Informed consent in the healthcare and nursing sphere means providing permission to a physician or any other medical specialist for conducting certain procedures. Patients need to be informed on the specifics of medical actions and treatment plans in order to agree or not to receive the delivered services. It is important to ensure that a patient understands all the advantages and consequences of medical and care interventions. Thus, informed consent has several important elements, and the first one is the disclosure of all the information about the procedure (Butts & Rich, 2016). A patient needs to be aware of all the details and risks in order to make an informed and right decision. The second element is a patient’s competency to make reasonable decisions, which means being mentally and emotionally stable and healthy (Pozgar, 2016). Finally, the voluntary nature of participating in the procedure or following a specific treatment plan among other options is necessary.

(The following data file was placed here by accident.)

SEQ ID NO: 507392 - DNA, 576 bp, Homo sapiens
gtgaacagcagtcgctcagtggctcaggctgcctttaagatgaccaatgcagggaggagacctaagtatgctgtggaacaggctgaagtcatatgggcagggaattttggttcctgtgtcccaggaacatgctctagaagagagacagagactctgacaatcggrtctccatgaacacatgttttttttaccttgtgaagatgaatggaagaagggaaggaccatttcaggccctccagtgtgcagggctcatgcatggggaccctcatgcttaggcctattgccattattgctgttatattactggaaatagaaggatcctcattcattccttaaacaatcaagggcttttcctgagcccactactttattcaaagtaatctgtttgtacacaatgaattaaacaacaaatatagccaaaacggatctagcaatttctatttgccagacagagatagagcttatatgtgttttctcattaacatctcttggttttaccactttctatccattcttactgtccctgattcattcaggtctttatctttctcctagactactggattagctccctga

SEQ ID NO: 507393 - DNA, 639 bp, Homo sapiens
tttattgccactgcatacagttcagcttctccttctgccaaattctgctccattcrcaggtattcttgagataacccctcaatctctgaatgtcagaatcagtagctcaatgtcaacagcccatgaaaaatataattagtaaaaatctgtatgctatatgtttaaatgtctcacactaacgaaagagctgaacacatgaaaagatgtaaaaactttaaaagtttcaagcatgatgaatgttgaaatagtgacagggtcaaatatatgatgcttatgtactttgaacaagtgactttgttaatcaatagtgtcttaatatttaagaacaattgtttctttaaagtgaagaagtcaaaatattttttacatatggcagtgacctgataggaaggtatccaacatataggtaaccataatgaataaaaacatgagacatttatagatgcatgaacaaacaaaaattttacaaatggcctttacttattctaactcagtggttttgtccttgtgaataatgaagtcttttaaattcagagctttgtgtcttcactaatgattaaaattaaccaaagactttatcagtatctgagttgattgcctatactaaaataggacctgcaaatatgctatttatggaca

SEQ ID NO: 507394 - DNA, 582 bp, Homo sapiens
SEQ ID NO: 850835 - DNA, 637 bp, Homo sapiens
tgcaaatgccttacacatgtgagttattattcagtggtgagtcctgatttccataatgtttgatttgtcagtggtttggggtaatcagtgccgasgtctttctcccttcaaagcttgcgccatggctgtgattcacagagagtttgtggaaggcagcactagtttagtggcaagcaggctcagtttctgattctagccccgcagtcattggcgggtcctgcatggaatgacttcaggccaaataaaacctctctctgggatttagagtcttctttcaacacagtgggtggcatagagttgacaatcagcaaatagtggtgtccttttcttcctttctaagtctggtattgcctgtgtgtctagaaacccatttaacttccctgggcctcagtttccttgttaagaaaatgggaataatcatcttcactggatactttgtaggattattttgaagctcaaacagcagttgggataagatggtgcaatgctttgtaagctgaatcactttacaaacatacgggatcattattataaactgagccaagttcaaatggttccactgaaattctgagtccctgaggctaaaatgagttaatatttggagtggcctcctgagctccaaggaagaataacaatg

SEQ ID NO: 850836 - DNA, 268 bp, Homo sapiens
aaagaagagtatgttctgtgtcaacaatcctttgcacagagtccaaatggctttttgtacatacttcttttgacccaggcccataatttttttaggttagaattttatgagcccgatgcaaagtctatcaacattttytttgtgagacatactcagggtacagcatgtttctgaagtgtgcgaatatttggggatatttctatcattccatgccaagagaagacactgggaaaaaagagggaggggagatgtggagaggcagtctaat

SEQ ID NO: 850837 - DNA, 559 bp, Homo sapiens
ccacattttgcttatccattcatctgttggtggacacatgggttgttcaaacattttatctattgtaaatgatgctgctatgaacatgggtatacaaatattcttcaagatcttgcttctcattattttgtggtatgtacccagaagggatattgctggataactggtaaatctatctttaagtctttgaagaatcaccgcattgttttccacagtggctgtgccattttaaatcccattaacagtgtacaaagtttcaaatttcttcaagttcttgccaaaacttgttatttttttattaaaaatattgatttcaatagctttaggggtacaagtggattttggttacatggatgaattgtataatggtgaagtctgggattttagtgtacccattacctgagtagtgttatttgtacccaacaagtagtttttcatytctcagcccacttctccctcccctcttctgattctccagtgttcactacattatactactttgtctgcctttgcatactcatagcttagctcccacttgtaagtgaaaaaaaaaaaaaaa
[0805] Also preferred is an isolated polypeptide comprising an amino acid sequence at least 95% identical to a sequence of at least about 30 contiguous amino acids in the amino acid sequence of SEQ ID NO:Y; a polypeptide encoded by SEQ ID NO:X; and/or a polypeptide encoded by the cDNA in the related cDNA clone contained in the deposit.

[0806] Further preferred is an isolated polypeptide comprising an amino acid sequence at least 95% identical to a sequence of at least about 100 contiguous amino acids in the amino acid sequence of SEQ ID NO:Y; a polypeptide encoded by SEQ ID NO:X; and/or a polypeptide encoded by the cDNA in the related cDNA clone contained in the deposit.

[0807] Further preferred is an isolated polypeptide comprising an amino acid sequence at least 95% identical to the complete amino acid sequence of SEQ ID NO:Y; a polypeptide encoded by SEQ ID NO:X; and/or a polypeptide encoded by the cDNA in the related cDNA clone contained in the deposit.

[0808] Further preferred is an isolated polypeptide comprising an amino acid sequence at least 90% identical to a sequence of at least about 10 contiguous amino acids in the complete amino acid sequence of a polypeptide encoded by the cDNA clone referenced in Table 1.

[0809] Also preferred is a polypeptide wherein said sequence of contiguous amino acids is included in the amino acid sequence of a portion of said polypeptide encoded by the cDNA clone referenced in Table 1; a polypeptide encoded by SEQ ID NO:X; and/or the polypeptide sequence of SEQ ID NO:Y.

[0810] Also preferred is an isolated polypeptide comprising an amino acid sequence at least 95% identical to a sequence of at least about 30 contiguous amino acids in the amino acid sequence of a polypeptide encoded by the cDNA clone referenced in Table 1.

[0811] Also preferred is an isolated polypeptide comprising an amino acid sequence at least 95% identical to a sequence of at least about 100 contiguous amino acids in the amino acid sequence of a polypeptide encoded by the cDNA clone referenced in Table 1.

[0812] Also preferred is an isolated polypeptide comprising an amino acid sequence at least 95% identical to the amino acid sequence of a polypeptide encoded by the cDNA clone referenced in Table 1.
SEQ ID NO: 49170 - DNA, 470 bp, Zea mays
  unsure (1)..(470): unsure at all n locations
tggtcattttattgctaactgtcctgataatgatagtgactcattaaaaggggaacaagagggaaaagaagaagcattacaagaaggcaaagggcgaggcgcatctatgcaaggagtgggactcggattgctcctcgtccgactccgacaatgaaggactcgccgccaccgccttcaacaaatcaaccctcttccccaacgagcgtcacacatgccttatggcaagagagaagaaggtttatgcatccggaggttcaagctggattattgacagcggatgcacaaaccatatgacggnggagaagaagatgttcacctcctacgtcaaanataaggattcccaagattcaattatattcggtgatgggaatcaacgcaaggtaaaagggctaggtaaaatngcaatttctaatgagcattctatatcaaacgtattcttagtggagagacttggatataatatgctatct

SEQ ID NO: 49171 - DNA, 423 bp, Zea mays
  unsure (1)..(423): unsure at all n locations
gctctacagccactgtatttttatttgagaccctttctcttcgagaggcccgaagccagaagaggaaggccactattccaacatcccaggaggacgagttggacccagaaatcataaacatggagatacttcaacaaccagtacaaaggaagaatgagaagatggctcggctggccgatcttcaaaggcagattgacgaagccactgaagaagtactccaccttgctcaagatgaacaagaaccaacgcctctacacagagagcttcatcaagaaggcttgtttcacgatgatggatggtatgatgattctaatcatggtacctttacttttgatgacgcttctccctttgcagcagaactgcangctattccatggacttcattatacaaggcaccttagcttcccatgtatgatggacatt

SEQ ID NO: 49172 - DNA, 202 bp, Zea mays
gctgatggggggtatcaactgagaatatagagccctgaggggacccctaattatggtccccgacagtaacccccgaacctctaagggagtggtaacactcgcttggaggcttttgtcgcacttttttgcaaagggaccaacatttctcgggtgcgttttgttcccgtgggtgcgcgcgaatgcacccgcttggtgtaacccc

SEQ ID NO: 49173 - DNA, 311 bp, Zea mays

Problems are observed when some elements of informed consent are not adhered to, and both patients and healthcare professionals feel rather vulnerable. For example, the informed consent form can be incomplete, miss important lines and bokes of data, and not provide all the details of medical procedures needed for a particular patient. When the patient observes medical operations that were not discussed previously, he or she has the right to stop them and withdraw if it is possible. The patient can also insist on further discussion of the case as well as on receiving certain compensation (Butts & Rich, 2016). As a result, if the principles of using informed consent in clinical settings are not followed appropriately, both patients and healthcare providers are unprotected from a variety of risks.
Butts, J. B., & Rich, K. L. (2016). Nursing ethics: Across the curriculum and into practice (4th ed.). Jones & Bartlett Learning.
Pozgar, G. D. (2016). Legal and ethical issues for health professionals (4th ed.). Jones & Bartlett Learning.